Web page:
Where You Look

Audio here: .

Video of the Divine Service here.

Bulletin here.

In the Name of the Father and of the Son and of the Holy Spirit. Amen.

Where are you looking? Jesus tells a parable about two men looking in two different directions. Two men, both going up to the temple, both going to pray, both starting their prayers with “God.” But that’s where the similarities end. I’m not even sure if they’re praying in the same direction. It’s possible that Jesus says that the Pharisee was standing by himself, praying these things. But it’s also possible that He says the Pharisee was standing, praying these things toward himself. That fits the prayer pretty well. The Pharisee isn’t looking at God, so much as he’s looking at himself and others. He’s looking at all the things about himself that he considers good, and he’s looking at all the things about others that he considers bad. He’s praying to himself, justifying himself, telling himself how good he is compared to others.

And that’s what we have to do if we’re going to justify ourselves. Because if we hear God’s Word, God’s Law, God’s commandments, we will never be able to justify ourselves in view of what He says. Justification can’t come by the law, Paul says. So we have to look at other people. We have to compare ourselves: I’m not as bad as that person. I don’t do what they do. I’m not like that. We give ourselves credit that we would never give to other people! But God doesn’t grade on the curve. Even if you were the best in the world, He doesn’t round you up to 100%. It’s all or nothing.

The Pharisee is looking at his good and everyone else’s evil. But the tax collector is looking at his evil and God’s good. God, have mercy on me, a sinner! This isn’t the same word for mercy that we heard a few weeks ago from the lepers, who stood far off and said, “Jesus, Master, have mercy on us!” This is a different word that means something like “mercy in view of a sacrifice that pleases God.” The tax collector is saying the opposite of the Pharisee. If he needs any mercy, the Pharisee wants God to give it to him because of his own good and lack of evil. Have mercy on me in view of me! The tax collector, though, asks God to have mercy on him in view of the sacrifice of another—the sacrifice, finally, of the one telling the parable.

God doesn’t have mercy on us because we’re so nice, because He likes us so much, because we’ve proven ourselves worthy of His mercy. He has mercy on us in view of something completely outside of us, the sacrifice of Jesus. He is the willing sacrifice from whom the mercy of God flows. And the tax collector pleads that sacrifice and Jesus says that he’s the one who’s justified. The Pharisee had convinced himself that he was justified, that he was righteous. But that sort of righteousness will never stand up before God. Our righteousness is the flimsiest kind of righteousness. But the tax collector finds righteousness because it’s not his own. He who has his own righteousness will die by that righteousness. He who has no righteousness of his own will be exalted, lifted up, by the righteousness of another.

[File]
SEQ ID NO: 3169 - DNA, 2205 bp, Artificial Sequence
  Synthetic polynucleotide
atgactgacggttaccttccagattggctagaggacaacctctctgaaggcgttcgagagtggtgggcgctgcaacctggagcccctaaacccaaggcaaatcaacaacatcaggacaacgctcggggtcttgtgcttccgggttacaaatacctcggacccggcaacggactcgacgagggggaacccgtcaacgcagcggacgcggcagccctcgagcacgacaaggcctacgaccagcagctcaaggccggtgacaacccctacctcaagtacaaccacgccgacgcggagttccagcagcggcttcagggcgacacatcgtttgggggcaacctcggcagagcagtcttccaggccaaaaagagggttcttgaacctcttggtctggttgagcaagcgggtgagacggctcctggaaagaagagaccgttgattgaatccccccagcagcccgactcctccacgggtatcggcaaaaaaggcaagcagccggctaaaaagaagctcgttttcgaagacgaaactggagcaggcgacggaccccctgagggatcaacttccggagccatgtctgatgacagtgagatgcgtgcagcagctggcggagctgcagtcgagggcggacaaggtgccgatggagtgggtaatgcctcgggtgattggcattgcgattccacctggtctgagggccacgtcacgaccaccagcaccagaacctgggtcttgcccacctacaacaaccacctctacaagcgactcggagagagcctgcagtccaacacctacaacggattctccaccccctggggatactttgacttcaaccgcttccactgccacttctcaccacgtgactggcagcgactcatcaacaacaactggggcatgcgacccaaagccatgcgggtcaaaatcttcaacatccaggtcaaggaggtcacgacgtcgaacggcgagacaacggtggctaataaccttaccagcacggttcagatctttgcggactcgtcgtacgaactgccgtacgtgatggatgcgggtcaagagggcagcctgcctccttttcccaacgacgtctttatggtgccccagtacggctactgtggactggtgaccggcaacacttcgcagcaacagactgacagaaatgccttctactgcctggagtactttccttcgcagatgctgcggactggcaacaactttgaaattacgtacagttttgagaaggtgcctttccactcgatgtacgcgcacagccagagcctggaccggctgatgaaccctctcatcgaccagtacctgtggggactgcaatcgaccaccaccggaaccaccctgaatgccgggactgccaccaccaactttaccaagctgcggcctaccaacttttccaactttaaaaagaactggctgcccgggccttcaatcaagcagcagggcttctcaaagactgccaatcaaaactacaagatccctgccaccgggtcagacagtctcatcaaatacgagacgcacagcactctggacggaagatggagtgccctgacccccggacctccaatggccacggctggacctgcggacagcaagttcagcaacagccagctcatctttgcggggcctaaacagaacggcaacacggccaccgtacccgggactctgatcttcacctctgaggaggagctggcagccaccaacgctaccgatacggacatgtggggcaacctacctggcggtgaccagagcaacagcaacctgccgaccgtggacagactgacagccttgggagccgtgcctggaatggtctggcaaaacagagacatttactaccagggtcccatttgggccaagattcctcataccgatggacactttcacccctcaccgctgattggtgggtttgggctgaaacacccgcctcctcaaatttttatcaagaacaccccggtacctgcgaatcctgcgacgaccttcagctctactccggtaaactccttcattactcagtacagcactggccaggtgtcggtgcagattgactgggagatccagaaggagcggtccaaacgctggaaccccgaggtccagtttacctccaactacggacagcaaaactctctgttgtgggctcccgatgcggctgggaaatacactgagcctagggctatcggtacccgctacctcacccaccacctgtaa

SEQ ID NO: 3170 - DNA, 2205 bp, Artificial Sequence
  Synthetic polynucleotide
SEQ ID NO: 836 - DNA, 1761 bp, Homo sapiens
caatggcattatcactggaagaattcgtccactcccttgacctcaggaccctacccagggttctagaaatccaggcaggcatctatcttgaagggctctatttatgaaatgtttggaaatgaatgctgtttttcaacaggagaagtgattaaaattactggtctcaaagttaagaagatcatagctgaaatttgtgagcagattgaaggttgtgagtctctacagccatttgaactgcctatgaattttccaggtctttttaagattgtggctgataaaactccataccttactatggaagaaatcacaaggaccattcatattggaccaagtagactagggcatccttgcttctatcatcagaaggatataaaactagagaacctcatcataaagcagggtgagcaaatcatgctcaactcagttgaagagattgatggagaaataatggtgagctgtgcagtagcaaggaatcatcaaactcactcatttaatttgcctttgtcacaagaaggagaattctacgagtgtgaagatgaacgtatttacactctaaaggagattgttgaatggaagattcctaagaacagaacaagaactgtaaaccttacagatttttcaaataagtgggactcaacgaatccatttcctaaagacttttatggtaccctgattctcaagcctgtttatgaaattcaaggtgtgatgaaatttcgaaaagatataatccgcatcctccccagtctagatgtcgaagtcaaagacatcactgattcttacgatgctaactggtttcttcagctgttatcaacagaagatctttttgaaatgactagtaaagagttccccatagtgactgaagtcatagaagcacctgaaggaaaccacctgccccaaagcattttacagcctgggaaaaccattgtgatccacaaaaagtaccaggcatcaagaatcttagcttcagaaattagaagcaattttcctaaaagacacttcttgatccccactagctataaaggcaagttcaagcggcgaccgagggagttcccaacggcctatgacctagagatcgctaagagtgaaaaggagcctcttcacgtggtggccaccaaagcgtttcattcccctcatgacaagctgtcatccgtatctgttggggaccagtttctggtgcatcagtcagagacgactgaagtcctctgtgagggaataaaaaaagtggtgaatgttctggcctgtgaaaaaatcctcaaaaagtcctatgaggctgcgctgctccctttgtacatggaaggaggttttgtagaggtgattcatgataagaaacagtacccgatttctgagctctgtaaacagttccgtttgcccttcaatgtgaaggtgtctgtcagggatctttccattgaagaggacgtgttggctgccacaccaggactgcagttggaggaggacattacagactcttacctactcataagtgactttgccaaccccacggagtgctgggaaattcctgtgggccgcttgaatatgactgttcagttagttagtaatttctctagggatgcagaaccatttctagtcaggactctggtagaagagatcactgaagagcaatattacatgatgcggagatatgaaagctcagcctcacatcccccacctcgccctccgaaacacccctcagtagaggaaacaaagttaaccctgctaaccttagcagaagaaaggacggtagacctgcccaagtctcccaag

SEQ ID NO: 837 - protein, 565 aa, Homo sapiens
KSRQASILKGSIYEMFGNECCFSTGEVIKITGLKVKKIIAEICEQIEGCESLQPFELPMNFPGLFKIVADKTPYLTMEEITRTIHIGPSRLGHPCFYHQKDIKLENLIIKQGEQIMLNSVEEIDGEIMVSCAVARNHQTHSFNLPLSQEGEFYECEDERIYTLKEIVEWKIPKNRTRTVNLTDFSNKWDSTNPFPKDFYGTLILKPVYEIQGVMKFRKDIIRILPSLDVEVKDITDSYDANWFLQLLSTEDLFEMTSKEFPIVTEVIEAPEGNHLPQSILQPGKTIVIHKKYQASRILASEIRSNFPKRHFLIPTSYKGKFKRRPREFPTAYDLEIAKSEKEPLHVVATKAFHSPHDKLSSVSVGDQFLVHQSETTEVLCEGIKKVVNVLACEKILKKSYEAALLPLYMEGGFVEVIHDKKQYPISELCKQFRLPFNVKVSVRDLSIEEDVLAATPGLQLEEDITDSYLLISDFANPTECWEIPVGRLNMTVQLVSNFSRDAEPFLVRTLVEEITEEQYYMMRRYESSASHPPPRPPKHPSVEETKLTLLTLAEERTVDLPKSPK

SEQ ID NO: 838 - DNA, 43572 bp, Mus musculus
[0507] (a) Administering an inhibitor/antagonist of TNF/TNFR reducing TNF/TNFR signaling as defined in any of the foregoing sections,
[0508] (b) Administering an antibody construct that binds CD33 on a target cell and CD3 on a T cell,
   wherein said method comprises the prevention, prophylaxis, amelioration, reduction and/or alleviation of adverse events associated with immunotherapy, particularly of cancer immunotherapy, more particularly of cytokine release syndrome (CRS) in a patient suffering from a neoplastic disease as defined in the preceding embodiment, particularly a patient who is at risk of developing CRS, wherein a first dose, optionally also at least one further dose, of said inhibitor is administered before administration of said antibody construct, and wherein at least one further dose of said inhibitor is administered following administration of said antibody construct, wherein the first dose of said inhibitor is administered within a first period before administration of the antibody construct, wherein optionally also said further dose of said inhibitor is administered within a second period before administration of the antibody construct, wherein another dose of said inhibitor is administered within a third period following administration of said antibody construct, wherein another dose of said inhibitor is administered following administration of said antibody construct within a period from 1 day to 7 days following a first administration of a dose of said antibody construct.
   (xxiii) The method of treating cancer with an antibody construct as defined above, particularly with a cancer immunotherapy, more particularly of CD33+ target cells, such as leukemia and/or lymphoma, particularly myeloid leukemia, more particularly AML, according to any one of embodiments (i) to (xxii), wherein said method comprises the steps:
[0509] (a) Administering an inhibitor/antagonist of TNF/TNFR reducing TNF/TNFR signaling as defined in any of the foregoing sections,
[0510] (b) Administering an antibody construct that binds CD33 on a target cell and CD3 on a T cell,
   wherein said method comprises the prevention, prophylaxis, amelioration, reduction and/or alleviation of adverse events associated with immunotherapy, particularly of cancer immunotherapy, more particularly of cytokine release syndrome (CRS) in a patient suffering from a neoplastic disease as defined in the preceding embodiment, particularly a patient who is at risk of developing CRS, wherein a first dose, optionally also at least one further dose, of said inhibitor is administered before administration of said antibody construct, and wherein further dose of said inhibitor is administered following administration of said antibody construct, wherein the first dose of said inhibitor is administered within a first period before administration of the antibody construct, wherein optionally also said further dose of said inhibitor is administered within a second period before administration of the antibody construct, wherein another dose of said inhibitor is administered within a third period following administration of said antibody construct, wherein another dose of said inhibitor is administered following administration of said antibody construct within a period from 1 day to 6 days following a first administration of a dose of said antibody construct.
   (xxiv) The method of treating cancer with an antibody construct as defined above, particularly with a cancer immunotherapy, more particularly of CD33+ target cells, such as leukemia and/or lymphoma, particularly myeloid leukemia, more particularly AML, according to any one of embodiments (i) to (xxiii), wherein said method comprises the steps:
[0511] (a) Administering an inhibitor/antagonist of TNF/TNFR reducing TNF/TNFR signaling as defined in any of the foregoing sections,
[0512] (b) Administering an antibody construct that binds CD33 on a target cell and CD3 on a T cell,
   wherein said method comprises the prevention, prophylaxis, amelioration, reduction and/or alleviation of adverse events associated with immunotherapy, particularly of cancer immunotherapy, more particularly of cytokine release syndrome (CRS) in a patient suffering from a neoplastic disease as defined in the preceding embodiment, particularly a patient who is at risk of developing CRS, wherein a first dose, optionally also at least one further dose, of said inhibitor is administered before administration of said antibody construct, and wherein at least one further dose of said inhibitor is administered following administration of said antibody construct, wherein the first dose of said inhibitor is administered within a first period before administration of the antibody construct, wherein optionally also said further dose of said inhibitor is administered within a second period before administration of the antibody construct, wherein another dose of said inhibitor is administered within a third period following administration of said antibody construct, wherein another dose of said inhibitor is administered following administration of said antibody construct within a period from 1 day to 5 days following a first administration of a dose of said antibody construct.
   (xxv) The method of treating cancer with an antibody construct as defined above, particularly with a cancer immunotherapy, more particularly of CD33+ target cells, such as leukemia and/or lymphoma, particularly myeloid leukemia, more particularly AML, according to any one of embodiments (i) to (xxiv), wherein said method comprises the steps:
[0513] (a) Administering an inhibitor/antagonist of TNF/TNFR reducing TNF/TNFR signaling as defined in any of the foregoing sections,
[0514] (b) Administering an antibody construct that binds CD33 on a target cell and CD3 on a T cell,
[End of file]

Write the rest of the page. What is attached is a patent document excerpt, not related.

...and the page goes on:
At first, the second part, about bringing infants to Jesus, doesn’t really seem to have anything to do with the first part. But it is exactly the same thing from another angle. Jesus says that it is to such as children that the kingdom of God—justification—belongs. That if we don’t receive it as a little child, we will never enter into it at all. Why? Because children are so cute and nice and innocent? No, because they aren’t anything. They are so helpless, they have to be brought by others. They don’t have anything in their hands. They haven’t accomplished anything. They don’t have all sorts of things to prove themselves before God or before other people. They have nothing.

Nothing like the tax collector has nothing. He brings nothing in his hands except his sin. And Jesus takes that, and gives him mercy and righteousness instead. This is the opposite of how the world works. In the world, you get because you have. You have to justify yourself. You have to prove yourself, why you deserve this or that. And if you have what is wanted, then you get what is wanted. But before God, we show our weakness, and He is our strength. We show our sin, and He gives us righteousness. We show our helplessness, and He is our Help. We show our unworthiness, and He is our Worth.

These aren’t the assigned readings for Reformation. Those are on the back of the bulletin, and you may want to read them on Thursday. These aren’t the readings for Reformation, but this is the Reformation message. Luther’s last words before he died were, “Wir sind Bettler. Hoc est verum.” We are beggars. This is true. Beggars like a tax collector pleading the sacrifice of Jesus for mercy. Beggars like infants, to whom everything has to be given. Beggars like sinners who have nothing of their own to give in return for forgiveness. But beggars to whom Jesus gives His own kingly riches. Beggars who come in the rags of their unrighteousness, but to whom Jesus gives His shining, resurrection righteousness.

We are beggars, this is true. But Jesus the King welcomes beggars the way He welcomes little children: come to Me, and I will give you My kingdom. Come and beg at My table. You’ll get far more than crumbs; you’ll get eternal life in My own body and blood. Come with nothing and He’ll give you everything. This is the truth. He is the Truth. And this Truth sets you free indeed.

In the Name of the Father and of the Son and of the Holy Spirit. Amen. “And the peace of God, which surpasses all understanding, will guard your hearts and your minds in Christ Jesus” (Philippians 4:7, ESV). Amen.

Pr. Timothy Winterstein, 10/25/19

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